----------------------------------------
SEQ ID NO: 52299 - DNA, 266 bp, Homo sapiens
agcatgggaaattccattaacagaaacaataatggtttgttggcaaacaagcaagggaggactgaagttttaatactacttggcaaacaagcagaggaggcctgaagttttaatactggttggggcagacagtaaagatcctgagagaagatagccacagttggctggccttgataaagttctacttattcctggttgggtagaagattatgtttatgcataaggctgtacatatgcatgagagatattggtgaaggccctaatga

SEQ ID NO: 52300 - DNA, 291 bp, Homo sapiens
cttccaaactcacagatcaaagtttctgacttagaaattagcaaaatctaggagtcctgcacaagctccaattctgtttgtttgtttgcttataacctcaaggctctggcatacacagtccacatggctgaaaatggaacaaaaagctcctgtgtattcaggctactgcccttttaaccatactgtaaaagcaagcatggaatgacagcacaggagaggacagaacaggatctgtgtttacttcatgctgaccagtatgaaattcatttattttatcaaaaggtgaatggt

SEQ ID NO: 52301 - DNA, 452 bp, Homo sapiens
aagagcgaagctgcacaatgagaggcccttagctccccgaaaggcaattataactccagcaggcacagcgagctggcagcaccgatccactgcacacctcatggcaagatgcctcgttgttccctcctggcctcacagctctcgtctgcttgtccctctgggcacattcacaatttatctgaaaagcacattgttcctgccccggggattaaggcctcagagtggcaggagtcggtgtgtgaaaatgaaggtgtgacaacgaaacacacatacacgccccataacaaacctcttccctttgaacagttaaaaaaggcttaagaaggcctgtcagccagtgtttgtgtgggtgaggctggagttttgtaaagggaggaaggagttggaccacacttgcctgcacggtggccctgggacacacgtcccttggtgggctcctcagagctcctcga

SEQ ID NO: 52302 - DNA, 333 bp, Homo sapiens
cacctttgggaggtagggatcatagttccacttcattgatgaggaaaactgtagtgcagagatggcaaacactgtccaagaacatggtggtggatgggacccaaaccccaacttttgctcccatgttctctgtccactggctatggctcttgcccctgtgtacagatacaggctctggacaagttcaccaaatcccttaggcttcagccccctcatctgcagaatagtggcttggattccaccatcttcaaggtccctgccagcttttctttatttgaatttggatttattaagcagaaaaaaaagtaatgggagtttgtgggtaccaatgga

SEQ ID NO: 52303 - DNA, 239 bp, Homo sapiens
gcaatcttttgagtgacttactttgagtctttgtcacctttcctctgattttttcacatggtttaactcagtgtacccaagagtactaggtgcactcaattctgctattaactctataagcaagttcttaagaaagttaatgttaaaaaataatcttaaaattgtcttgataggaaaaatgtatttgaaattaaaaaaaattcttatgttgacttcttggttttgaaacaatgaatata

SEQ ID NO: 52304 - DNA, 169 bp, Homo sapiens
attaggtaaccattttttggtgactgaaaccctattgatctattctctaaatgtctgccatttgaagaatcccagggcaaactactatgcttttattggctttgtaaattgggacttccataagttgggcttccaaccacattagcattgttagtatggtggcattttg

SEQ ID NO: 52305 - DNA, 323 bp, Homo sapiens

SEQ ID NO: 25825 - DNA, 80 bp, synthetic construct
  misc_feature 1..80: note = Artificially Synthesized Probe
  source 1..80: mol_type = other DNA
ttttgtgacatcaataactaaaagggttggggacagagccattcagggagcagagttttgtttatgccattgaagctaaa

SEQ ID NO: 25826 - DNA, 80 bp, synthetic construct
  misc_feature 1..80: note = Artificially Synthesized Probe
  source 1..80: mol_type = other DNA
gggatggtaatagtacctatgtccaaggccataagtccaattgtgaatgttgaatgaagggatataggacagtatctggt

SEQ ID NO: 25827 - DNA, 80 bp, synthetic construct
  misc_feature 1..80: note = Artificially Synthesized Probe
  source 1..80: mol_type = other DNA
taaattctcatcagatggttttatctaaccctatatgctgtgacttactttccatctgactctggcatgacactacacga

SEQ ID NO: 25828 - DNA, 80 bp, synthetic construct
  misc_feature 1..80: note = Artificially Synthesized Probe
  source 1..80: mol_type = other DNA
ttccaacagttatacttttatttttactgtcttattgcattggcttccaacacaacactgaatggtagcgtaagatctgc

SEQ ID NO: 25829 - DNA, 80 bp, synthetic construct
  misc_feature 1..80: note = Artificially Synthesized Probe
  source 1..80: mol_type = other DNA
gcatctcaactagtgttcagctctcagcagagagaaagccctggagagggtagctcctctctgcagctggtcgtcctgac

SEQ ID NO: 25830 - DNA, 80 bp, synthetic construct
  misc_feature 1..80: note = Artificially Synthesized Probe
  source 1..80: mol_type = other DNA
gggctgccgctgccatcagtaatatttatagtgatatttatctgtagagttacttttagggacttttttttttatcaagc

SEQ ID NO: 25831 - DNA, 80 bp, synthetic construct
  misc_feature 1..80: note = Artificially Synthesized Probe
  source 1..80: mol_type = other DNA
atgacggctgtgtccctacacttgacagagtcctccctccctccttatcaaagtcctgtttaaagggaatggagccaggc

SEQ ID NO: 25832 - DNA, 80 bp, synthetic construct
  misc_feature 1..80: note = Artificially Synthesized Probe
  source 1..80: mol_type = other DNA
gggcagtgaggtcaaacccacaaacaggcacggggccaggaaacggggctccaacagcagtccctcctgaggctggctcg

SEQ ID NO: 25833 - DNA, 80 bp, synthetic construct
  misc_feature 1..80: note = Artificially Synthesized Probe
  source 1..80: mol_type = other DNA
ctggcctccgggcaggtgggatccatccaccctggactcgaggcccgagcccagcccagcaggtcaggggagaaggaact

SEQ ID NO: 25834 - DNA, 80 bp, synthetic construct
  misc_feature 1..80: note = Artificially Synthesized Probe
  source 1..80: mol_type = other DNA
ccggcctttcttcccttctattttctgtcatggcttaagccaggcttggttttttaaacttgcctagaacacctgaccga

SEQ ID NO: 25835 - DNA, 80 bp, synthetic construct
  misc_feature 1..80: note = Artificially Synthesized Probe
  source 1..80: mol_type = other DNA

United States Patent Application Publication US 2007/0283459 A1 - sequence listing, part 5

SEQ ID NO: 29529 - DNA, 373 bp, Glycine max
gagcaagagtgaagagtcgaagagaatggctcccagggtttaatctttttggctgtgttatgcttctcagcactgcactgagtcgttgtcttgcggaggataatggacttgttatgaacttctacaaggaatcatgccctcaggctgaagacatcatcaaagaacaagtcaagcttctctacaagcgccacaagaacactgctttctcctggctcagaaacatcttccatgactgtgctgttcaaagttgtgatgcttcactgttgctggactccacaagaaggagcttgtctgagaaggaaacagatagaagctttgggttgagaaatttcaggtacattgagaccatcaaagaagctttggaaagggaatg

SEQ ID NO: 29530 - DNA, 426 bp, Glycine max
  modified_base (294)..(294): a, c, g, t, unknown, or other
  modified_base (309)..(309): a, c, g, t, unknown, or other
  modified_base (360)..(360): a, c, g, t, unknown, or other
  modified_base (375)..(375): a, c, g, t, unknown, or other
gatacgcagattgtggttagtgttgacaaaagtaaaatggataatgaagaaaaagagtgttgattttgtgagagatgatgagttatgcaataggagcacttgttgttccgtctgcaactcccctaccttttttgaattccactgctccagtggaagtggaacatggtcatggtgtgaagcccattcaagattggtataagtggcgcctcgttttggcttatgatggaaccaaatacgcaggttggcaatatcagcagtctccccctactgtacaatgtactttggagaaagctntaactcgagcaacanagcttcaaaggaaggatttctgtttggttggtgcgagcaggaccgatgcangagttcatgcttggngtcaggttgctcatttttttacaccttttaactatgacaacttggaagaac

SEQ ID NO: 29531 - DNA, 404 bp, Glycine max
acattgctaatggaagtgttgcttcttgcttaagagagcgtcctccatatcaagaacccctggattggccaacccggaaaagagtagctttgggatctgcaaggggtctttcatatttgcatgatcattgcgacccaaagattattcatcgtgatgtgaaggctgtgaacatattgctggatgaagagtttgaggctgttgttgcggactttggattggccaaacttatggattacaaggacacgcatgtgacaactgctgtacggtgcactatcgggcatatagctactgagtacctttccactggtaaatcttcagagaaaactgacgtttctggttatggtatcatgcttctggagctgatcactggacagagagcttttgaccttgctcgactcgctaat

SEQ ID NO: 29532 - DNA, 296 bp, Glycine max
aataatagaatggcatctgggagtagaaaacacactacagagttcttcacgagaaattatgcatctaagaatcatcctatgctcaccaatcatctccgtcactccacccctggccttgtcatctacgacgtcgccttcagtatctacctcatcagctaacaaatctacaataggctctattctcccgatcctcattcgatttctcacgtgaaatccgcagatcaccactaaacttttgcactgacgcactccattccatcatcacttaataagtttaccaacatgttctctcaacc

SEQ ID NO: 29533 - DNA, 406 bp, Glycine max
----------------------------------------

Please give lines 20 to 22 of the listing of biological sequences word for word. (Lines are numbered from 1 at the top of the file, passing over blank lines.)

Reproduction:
  source 1..80: mol_type = other DNA
gggatggtaatagtacctatgtccaaggccataagtccaattgtgaatgttgaatgaagggatataggacagtatctggt

SEQ ID NO: 25827 - DNA, 80 bp, synthetic construct